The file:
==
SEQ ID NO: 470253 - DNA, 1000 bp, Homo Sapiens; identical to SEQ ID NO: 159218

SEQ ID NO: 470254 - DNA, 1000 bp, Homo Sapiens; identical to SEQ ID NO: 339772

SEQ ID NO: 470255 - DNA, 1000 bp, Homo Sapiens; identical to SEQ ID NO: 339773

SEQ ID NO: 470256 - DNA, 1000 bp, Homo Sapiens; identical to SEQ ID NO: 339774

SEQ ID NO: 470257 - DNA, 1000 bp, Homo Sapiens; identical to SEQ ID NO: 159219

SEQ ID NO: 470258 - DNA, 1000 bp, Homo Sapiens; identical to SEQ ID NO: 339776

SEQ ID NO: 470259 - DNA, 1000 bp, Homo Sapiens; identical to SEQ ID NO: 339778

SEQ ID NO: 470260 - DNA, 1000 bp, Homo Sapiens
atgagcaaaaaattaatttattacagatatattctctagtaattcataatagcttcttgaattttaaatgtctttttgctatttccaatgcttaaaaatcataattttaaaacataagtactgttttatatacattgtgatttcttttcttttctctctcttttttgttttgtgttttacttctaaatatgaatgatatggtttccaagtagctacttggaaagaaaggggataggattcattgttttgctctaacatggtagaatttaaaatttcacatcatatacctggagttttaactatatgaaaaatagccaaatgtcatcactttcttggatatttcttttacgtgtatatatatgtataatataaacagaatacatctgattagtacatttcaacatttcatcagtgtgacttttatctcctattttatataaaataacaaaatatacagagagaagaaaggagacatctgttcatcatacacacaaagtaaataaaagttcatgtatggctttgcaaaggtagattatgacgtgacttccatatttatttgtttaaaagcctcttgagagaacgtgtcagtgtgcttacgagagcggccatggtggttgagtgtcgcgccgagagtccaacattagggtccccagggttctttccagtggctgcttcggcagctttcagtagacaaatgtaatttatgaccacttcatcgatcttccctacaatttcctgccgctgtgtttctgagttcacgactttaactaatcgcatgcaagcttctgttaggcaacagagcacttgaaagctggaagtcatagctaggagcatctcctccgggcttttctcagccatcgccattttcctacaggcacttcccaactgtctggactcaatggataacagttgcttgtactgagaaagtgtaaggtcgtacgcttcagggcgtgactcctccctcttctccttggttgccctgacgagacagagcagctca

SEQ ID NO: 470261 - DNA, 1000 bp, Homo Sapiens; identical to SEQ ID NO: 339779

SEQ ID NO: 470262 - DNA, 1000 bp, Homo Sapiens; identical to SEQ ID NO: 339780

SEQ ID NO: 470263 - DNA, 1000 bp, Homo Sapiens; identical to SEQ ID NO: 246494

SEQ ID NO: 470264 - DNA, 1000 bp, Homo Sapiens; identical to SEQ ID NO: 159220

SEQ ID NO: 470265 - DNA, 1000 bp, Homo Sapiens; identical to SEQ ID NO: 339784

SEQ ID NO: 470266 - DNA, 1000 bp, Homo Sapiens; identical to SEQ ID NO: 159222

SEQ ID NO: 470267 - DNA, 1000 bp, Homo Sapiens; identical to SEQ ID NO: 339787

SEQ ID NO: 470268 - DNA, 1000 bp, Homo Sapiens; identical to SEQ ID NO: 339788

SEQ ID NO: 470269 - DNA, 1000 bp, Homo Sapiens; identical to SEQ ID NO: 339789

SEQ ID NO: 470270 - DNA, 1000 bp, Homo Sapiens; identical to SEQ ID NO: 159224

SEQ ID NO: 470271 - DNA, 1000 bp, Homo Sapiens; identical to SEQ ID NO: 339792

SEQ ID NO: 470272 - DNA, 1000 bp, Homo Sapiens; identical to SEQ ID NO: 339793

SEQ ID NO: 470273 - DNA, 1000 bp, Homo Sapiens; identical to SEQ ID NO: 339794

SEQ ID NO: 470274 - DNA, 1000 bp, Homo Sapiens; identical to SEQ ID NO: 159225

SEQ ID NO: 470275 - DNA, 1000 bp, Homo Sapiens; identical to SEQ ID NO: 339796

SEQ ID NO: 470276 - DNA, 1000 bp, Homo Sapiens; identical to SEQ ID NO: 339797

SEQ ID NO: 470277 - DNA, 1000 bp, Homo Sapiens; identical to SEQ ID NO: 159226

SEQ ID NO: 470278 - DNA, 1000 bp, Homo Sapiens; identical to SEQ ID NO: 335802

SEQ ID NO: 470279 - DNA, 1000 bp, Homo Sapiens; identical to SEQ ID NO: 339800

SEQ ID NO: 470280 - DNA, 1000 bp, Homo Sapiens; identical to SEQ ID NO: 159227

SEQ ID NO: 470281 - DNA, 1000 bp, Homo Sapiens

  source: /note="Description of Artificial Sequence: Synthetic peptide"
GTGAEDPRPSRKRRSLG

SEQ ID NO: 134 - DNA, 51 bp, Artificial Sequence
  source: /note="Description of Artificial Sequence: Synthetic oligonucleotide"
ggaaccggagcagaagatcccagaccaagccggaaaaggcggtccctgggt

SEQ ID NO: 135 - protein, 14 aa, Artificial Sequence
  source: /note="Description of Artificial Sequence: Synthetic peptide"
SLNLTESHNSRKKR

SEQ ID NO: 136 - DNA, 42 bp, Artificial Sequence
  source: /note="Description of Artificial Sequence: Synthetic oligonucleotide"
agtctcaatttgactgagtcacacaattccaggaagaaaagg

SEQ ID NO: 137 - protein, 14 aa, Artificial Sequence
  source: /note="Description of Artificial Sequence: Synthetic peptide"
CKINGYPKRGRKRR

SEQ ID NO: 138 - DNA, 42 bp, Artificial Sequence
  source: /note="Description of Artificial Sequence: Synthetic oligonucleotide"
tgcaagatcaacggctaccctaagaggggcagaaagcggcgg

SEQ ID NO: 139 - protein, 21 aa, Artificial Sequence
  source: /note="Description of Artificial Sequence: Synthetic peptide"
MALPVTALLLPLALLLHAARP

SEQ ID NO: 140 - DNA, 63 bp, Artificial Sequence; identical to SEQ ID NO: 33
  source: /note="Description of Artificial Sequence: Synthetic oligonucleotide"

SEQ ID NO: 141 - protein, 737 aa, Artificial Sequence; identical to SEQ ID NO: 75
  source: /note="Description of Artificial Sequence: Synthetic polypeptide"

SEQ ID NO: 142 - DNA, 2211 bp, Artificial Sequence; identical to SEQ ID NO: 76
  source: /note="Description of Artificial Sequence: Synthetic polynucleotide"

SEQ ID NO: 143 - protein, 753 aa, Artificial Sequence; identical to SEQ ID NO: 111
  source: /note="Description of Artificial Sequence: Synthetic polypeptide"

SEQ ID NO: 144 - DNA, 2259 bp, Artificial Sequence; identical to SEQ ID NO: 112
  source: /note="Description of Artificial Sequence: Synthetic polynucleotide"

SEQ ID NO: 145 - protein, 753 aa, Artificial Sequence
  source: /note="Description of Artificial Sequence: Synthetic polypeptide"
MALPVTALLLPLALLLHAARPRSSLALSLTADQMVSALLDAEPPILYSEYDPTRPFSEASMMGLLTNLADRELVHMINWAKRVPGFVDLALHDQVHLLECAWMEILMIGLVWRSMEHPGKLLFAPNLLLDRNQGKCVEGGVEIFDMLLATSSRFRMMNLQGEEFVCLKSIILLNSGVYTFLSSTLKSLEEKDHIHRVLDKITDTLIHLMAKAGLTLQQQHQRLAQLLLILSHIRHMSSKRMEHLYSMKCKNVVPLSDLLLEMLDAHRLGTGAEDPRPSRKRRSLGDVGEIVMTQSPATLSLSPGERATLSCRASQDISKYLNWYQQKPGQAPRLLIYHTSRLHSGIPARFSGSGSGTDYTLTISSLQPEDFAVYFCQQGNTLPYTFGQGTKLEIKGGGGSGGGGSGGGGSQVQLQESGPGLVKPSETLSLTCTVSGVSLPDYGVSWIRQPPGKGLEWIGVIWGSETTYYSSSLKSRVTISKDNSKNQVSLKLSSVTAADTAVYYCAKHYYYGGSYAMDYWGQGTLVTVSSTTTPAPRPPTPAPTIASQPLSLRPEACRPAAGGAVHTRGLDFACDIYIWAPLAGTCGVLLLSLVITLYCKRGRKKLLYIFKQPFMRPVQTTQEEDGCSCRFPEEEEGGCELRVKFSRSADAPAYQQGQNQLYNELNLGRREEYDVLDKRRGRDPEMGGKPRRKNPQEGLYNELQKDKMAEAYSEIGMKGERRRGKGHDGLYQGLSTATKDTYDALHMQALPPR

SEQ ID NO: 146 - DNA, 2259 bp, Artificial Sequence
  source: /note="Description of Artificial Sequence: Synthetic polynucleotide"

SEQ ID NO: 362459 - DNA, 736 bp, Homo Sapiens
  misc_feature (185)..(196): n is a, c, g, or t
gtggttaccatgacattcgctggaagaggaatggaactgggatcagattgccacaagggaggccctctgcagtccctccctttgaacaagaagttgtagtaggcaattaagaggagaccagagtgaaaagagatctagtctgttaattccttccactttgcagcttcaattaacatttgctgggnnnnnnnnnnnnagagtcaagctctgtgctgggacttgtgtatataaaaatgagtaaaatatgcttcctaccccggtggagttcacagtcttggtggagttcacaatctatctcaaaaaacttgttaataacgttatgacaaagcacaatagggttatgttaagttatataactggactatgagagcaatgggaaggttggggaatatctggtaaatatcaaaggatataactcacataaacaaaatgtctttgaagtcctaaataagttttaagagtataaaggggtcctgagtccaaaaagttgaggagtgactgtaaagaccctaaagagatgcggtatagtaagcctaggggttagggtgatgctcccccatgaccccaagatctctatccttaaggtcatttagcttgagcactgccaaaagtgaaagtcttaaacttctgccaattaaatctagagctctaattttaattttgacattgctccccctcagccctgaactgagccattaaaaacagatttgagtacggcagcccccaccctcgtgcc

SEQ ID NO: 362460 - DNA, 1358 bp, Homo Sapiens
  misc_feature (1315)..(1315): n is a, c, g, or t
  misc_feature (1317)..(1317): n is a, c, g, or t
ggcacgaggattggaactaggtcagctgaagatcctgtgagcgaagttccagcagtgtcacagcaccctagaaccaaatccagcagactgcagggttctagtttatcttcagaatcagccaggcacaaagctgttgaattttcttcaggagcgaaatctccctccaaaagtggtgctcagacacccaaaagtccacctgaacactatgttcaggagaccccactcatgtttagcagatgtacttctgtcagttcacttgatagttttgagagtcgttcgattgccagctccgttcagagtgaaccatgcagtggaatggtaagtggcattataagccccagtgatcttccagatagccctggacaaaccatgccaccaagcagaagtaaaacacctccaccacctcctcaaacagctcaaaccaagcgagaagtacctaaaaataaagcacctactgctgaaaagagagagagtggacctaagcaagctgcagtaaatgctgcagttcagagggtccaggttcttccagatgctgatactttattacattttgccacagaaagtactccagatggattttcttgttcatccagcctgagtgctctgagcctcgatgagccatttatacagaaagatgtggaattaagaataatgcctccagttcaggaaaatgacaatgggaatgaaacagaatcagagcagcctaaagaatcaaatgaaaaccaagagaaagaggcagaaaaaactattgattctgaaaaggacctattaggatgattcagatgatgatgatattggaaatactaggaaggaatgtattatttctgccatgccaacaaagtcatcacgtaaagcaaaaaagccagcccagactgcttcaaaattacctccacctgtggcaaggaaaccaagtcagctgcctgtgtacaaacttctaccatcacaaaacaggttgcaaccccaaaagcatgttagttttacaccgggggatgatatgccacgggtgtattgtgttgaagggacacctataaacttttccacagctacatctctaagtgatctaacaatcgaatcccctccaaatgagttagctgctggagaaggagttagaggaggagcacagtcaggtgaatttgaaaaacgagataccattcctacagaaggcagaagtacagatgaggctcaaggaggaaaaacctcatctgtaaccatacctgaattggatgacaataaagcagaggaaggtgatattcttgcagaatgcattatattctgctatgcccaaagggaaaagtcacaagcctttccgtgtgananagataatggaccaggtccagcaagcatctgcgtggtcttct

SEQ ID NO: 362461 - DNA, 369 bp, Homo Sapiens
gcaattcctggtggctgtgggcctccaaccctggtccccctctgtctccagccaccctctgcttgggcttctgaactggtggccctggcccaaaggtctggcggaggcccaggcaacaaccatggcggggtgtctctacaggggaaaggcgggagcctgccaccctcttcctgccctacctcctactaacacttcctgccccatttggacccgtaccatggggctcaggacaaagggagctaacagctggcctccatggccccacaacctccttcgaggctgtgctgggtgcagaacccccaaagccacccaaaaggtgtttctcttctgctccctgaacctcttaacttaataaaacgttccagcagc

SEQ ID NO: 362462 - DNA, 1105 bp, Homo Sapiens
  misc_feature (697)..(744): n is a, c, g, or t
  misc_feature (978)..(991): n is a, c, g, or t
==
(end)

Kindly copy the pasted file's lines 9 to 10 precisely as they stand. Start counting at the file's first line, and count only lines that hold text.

atgagcaaaaaattaatttattacagatatattctctagtaattcataatagcttcttgaattttaaatgtctttttgctatttccaatgcttaaaaatcataattttaaaacataagtactgttttatatacattgtgatttcttttcttttctctctcttttttgttttgtgttttacttctaaatatgaatgatatggtttccaagtagctacttggaaagaaaggggataggattcattgttttgctctaacatggtagaatttaaaatttcacatcatatacctggagttttaactatatgaaaaatagccaaatgtcatcactttcttggatatttcttttacgtgtatatatatgtataatataaacagaatacatctgattagtacatttcaacatttcatcagtgtgacttttatctcctattttatataaaataacaaaatatacagagagaagaaaggagacatctgttcatcatacacacaaagtaaataaaagttcatgtatggctttgcaaaggtagattatgacgtgacttccatatttatttgtttaaaagcctcttgagagaacgtgtcagtgtgcttacgagagcggccatggtggttgagtgtcgcgccgagagtccaacattagggtccccagggttctttccagtggctgcttcggcagctttcagtagacaaatgtaatttatgaccacttcatcgatcttccctacaatttcctgccgctgtgtttctgagttcacgactttaactaatcgcatgcaagcttctgttaggcaacagagcacttgaaagctggaagtcatagctaggagcatctcctccgggcttttctcagccatcgccattttcctacaggcacttcccaactgtctggactcaatggataacagttgcttgtactgagaaagtgtaaggtcgtacgcttcagggcgtgactcctccctcttctccttggttgccctgacgagacagagcagctca

SEQ ID NO: 470261 - DNA, 1000 bp, Homo Sapiens; identical to SEQ ID NO: 339779